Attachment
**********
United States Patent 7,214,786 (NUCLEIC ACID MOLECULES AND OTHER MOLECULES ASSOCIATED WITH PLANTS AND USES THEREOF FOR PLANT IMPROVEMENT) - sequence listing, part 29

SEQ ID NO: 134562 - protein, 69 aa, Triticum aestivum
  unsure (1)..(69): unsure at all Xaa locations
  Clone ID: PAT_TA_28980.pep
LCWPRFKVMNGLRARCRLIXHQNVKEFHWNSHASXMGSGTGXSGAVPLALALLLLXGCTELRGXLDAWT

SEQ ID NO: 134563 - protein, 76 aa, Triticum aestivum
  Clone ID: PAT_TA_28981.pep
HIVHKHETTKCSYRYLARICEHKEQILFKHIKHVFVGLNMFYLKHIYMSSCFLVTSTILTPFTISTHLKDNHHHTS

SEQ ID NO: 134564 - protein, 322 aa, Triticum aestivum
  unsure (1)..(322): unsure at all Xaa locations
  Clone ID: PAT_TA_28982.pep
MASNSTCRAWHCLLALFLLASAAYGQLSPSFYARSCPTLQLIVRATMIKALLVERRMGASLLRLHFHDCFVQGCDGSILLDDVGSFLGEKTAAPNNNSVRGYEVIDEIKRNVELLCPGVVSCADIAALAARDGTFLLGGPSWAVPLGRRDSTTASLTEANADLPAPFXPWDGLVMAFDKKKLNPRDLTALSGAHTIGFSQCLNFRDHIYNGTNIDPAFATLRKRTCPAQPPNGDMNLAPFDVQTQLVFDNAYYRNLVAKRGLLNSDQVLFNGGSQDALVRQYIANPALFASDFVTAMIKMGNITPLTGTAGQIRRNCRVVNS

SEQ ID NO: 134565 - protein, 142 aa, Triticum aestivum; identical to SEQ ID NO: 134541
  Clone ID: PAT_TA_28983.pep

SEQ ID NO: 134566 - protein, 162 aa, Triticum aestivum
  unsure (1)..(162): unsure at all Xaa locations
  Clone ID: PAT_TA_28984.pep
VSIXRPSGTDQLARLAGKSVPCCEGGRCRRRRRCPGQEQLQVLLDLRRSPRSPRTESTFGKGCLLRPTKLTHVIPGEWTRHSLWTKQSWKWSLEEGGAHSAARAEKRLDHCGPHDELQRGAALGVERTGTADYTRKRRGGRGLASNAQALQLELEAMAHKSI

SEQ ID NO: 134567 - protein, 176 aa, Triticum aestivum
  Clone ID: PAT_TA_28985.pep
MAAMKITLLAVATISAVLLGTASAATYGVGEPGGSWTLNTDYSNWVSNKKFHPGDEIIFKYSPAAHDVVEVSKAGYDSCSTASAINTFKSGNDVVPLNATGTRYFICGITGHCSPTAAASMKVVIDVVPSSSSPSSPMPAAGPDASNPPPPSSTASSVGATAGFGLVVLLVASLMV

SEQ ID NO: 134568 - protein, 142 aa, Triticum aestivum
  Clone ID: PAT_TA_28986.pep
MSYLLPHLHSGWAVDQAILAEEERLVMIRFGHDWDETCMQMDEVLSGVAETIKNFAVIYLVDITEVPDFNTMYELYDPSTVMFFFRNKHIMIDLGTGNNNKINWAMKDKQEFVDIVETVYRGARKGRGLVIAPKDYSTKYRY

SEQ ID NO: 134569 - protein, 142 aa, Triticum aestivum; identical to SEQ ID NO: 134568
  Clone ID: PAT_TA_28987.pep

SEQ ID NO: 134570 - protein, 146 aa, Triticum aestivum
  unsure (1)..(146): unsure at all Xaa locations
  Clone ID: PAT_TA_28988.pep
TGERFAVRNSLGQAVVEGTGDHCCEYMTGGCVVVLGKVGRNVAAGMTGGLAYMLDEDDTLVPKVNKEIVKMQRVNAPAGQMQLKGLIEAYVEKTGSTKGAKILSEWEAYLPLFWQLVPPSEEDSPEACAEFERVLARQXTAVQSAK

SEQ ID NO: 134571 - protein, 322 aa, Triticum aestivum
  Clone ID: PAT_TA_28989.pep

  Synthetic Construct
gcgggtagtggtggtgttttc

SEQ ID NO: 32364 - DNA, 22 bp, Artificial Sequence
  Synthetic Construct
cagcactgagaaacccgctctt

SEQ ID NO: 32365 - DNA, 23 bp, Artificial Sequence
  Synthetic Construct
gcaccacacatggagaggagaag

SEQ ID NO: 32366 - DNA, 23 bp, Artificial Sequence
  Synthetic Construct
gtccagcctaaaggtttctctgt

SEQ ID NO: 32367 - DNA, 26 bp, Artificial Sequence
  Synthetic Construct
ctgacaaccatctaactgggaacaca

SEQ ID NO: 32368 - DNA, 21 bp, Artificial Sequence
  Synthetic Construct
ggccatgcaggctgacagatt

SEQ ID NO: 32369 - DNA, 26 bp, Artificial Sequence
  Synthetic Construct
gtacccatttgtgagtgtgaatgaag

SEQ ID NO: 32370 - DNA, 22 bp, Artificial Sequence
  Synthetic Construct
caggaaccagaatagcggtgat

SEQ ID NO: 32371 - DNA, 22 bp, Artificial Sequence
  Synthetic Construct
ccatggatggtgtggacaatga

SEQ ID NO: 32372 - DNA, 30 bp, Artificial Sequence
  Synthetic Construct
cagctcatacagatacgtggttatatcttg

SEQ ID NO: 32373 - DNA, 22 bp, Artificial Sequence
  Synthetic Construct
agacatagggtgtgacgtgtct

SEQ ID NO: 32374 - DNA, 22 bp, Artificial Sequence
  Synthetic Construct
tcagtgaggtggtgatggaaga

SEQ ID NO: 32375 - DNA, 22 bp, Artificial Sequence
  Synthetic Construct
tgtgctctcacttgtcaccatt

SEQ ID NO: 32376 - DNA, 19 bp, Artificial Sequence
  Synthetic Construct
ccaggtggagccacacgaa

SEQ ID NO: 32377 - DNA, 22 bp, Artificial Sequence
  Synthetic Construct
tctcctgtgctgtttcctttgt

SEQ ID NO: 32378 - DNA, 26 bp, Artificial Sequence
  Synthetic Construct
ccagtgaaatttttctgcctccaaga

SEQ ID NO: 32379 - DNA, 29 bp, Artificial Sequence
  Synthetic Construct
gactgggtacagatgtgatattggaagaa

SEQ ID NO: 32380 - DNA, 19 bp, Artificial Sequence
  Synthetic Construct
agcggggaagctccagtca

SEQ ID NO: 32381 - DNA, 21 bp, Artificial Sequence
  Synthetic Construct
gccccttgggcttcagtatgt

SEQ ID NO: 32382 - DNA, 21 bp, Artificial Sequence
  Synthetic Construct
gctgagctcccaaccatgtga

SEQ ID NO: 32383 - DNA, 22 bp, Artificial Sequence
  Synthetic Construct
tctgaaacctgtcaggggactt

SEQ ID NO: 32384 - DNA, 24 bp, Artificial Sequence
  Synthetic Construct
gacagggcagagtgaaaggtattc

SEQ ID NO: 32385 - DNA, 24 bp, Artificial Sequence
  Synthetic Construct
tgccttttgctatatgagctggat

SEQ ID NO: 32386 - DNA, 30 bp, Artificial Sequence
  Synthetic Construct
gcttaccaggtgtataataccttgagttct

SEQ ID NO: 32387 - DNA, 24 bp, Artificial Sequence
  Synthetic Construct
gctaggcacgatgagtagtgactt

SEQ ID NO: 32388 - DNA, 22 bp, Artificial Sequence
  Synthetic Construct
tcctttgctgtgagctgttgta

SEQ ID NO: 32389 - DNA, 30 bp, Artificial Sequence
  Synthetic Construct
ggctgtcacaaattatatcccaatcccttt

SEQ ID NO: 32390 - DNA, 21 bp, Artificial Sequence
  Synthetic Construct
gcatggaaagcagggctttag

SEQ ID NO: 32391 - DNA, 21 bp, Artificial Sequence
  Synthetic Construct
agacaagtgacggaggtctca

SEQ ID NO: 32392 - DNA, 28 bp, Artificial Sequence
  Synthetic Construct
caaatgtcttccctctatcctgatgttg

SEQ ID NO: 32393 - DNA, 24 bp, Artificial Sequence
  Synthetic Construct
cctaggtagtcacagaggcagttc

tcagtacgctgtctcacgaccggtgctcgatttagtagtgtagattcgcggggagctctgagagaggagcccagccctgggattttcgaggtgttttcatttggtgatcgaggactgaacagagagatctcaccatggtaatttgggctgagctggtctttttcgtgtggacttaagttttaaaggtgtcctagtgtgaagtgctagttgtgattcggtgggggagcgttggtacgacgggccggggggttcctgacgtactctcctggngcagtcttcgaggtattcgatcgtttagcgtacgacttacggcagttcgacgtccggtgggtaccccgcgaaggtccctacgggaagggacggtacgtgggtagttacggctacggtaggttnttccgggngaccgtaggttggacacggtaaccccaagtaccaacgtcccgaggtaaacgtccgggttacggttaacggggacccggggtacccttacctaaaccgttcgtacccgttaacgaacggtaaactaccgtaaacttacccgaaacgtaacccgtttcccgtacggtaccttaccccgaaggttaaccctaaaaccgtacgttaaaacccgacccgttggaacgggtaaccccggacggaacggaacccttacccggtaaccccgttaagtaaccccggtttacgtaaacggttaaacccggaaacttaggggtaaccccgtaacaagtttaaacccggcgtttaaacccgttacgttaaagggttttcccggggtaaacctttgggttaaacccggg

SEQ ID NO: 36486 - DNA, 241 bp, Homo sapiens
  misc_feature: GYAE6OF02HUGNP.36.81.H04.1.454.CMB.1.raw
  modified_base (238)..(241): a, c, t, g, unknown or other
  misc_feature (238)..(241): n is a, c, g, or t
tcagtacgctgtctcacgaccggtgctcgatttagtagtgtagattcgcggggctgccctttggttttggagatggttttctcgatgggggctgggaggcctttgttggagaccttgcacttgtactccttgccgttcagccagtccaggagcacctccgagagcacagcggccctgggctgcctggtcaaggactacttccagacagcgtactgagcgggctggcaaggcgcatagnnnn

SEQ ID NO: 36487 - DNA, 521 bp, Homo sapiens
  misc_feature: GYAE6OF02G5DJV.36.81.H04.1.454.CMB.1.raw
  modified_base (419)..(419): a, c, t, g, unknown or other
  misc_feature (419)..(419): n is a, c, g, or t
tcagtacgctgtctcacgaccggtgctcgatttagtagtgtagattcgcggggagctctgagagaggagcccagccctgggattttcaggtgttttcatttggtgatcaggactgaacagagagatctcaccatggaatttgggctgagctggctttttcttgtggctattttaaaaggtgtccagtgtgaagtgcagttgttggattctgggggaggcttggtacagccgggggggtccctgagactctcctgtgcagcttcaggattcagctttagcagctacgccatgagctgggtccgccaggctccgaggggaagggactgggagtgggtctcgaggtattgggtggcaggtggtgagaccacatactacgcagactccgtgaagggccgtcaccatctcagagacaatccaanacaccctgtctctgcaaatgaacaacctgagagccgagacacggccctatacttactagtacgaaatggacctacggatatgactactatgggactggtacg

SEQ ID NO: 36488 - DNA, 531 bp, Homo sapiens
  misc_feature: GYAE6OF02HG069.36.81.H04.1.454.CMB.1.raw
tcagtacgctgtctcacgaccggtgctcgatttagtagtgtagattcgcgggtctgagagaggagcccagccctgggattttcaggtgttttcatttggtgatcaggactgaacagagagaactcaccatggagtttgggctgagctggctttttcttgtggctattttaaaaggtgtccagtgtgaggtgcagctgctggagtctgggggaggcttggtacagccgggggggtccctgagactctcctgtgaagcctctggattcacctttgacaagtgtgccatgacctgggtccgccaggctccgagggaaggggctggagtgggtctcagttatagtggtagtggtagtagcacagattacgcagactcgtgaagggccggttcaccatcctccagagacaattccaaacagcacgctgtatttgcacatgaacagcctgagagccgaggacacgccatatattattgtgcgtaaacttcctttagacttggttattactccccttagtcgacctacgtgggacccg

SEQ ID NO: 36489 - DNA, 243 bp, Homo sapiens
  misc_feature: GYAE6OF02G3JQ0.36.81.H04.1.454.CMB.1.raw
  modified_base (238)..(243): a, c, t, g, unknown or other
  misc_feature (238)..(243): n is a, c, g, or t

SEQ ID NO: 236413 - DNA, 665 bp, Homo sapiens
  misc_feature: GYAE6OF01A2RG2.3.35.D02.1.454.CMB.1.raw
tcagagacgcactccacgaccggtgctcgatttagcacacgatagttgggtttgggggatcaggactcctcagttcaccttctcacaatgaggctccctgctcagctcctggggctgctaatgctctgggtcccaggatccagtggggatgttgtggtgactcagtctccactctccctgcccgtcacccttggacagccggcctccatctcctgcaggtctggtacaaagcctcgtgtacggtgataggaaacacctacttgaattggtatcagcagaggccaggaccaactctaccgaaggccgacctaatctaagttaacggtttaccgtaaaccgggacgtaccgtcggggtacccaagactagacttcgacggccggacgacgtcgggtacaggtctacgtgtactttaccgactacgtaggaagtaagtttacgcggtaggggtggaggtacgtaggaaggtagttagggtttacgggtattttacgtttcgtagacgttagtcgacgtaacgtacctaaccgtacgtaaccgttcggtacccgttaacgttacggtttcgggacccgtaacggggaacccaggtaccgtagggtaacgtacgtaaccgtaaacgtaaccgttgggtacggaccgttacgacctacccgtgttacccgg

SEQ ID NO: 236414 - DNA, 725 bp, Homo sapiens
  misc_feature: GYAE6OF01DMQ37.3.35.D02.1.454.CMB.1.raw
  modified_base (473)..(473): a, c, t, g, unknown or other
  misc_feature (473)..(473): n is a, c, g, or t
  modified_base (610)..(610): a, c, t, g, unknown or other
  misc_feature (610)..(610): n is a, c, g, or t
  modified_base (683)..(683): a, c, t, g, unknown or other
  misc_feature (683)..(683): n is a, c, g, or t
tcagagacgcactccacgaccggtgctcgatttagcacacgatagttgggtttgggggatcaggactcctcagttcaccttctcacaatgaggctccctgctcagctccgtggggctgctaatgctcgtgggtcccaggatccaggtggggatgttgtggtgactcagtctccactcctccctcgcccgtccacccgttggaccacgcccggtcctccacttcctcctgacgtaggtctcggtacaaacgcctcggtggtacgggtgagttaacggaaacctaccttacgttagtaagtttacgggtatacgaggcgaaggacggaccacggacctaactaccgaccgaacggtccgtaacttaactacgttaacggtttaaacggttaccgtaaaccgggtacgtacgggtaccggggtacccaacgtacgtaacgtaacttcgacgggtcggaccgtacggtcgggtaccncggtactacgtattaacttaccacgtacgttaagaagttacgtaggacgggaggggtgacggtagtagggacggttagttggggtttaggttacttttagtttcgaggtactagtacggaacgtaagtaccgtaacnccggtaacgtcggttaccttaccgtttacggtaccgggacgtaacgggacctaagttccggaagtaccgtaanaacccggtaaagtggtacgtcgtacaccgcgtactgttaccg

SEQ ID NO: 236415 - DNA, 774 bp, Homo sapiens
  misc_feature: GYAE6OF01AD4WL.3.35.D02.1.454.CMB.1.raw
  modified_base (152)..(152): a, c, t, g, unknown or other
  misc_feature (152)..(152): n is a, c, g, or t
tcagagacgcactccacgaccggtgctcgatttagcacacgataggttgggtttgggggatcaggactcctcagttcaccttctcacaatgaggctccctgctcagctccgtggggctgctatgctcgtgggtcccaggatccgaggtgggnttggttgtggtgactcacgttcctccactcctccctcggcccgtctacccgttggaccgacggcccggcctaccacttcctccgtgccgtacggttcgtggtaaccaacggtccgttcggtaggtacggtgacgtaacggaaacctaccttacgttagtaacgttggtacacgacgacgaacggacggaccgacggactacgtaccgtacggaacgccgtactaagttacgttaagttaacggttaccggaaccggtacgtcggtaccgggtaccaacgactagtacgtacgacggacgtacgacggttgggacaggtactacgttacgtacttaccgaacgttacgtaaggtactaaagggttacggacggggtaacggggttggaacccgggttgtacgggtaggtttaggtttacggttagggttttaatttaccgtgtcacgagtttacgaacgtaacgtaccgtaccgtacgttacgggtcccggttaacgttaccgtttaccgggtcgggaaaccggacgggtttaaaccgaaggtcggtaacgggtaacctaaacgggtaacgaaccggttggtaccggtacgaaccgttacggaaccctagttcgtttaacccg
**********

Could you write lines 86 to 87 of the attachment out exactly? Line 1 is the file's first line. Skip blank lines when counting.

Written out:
SEQ ID NO: 32381 - DNA, 21 bp, Artificial Sequence
  Synthetic Construct